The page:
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Let's say I have a char* called code, and it has "0x41" in it.

char *code = "0x41";

How can I convert that into an unsigned int? (To be exact, I need a WORD, but that's just an unsigned int).

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I don't understand why this got a -1. Sure the guy is confused but its a legitimate coding question (compared to the plethora of other continuos questions that are "what framework should I pick"). It creates a hostile environment to new comers. –  Adam Gent Apr 10 '13 at 16:09

4 Answers 4

up vote 2 down vote accepted
unsigned int h;
sscanf(code, "%x", &h);

EDIT taking account of the remark of ExP : %x could catch the value in the string "0x41"

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Downvoter explain –  MOHAMED Apr 10 '13 at 16:54
Don't worry, be happy! The -1voter probably had nothing significant to say... Remember, numbers are just an indicator of how helpful you've been, and based on your numbers you've been fairly helpful. Anyway... Here, have a +1! –  Seb Apr 10 '13 at 17:10
@modifiablelvalue Thank you –  MOHAMED Apr 10 '13 at 17:14
#include <stdio.h>
#include <stdlib.h>

int main() {
    char *code = "0x41";
    char *ck;
    long unsigned lu;

    lu=strtoul(code, &ck, 16);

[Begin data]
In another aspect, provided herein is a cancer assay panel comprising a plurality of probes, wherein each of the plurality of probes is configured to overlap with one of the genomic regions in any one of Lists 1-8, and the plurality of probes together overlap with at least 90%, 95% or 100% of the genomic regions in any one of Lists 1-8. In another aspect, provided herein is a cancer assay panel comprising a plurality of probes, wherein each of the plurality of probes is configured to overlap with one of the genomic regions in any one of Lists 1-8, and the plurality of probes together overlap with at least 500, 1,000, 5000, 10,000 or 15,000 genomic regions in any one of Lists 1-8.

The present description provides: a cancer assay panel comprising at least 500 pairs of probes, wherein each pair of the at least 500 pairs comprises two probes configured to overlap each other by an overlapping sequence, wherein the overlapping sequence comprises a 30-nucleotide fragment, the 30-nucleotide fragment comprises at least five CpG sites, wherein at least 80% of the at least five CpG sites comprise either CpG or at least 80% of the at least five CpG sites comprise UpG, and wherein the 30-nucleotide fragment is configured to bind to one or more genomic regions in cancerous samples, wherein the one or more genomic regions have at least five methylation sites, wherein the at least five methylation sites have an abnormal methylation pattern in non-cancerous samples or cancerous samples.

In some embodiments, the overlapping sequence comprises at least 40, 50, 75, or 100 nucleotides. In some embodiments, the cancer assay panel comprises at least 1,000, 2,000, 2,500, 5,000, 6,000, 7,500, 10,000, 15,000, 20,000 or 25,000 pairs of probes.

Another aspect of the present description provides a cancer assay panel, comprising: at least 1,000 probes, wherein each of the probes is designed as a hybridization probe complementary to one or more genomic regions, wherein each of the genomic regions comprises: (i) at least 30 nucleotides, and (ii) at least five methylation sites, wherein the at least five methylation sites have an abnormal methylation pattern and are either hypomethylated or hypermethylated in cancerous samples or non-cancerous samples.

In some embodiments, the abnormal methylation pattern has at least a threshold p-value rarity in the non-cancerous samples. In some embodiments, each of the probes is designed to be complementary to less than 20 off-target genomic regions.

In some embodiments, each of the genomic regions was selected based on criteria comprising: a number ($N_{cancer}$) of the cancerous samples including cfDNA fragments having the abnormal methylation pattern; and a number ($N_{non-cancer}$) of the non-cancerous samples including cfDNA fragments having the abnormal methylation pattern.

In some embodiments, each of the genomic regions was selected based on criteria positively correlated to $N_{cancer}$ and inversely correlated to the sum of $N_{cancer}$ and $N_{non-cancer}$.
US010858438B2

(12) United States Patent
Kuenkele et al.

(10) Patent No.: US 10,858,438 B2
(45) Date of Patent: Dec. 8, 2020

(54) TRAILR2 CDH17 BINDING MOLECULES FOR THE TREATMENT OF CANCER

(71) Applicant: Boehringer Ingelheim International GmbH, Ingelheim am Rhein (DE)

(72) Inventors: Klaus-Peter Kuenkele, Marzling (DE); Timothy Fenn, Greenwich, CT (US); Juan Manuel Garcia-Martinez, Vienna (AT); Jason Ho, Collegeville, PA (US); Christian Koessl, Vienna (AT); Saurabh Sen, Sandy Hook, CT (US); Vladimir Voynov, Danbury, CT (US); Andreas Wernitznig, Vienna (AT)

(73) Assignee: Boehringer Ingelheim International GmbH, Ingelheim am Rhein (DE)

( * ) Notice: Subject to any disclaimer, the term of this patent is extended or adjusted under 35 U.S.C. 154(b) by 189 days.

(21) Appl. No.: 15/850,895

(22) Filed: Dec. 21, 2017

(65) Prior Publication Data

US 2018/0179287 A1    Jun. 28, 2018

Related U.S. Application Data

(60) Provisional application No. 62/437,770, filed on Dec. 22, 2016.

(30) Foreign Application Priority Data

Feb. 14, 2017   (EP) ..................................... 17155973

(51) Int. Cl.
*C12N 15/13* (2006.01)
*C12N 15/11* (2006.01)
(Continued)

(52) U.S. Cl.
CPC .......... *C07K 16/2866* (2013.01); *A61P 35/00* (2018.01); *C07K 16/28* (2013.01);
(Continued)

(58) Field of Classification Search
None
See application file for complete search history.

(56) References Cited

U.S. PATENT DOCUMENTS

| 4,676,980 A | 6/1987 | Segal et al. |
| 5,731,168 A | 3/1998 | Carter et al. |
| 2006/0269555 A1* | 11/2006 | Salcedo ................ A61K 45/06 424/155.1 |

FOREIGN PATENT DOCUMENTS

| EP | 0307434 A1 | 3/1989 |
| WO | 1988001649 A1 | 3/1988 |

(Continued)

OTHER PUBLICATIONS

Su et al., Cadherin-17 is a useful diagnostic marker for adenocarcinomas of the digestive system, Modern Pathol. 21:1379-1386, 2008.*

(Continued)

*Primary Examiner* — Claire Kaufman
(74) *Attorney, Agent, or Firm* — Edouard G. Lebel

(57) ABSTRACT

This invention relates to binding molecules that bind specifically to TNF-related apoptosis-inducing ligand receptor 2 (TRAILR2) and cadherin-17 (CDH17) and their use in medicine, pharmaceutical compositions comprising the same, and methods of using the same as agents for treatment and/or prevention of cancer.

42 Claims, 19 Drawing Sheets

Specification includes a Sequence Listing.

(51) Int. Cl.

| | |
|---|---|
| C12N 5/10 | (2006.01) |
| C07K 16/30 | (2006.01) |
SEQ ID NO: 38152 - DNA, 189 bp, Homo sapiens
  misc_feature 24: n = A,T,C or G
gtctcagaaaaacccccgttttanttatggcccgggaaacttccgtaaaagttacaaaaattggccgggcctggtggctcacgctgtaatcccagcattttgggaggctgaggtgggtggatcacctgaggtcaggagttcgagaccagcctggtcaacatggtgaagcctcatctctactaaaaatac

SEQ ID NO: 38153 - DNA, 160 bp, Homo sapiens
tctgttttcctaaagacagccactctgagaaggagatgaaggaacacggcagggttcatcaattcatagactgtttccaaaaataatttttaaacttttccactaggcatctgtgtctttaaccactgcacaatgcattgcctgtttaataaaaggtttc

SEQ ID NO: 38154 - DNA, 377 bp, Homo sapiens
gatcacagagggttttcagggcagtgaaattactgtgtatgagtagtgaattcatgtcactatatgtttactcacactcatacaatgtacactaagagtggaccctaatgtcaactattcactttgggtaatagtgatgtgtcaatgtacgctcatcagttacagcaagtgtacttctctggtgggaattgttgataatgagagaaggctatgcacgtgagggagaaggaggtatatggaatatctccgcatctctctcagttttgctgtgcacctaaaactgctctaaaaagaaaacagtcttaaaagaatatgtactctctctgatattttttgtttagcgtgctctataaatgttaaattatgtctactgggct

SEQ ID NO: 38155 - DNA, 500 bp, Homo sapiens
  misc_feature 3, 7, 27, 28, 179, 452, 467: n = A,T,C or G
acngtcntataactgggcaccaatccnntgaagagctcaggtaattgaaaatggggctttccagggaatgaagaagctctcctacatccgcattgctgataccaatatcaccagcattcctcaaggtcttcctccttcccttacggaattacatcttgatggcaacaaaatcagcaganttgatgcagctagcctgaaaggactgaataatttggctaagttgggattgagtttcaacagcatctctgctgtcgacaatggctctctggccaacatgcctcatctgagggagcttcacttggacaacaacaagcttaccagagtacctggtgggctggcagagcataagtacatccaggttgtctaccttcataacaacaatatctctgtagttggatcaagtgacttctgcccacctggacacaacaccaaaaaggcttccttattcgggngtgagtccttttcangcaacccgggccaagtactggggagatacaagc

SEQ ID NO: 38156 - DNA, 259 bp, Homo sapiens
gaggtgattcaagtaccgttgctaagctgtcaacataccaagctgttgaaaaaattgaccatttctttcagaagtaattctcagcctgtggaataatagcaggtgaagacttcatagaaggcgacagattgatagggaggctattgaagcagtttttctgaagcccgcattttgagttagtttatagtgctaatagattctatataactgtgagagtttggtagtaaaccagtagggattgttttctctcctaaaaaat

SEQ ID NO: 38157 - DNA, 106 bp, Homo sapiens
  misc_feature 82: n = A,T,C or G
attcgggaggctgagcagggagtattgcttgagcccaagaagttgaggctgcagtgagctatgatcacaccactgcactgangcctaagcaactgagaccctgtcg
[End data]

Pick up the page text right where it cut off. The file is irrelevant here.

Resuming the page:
printf("%lu\n", lu);

    return 0;
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I gather you mean that variable declared as char *code = "0x41"; points to the string denoted by "0x41".

There is no such thing as a WORD in C, but if you've got it typedef'd as an unsigned int, then you can convert this string of hexadecimal digits to an unsigned int like so:

char *code = "0x41";
unsigned int foo;
assert(sscanf(code, "%X", &foo) == 1);

You may note the use of assert in this code. I suggest replacing that assertion with logic to report an error when the return value isn't 1, as this would indicate that the string isn't in the correct format to be parsed as specified.

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Actually, 0x is redundant in "Ox%X", since %X should catch it (it does for me). –  ExP Apr 10 '13 at 16:07
@ExP: Edited... –  Seb Apr 10 '13 at 16:12

you can use strtol function it convert string to unsigned long integer for any base you want

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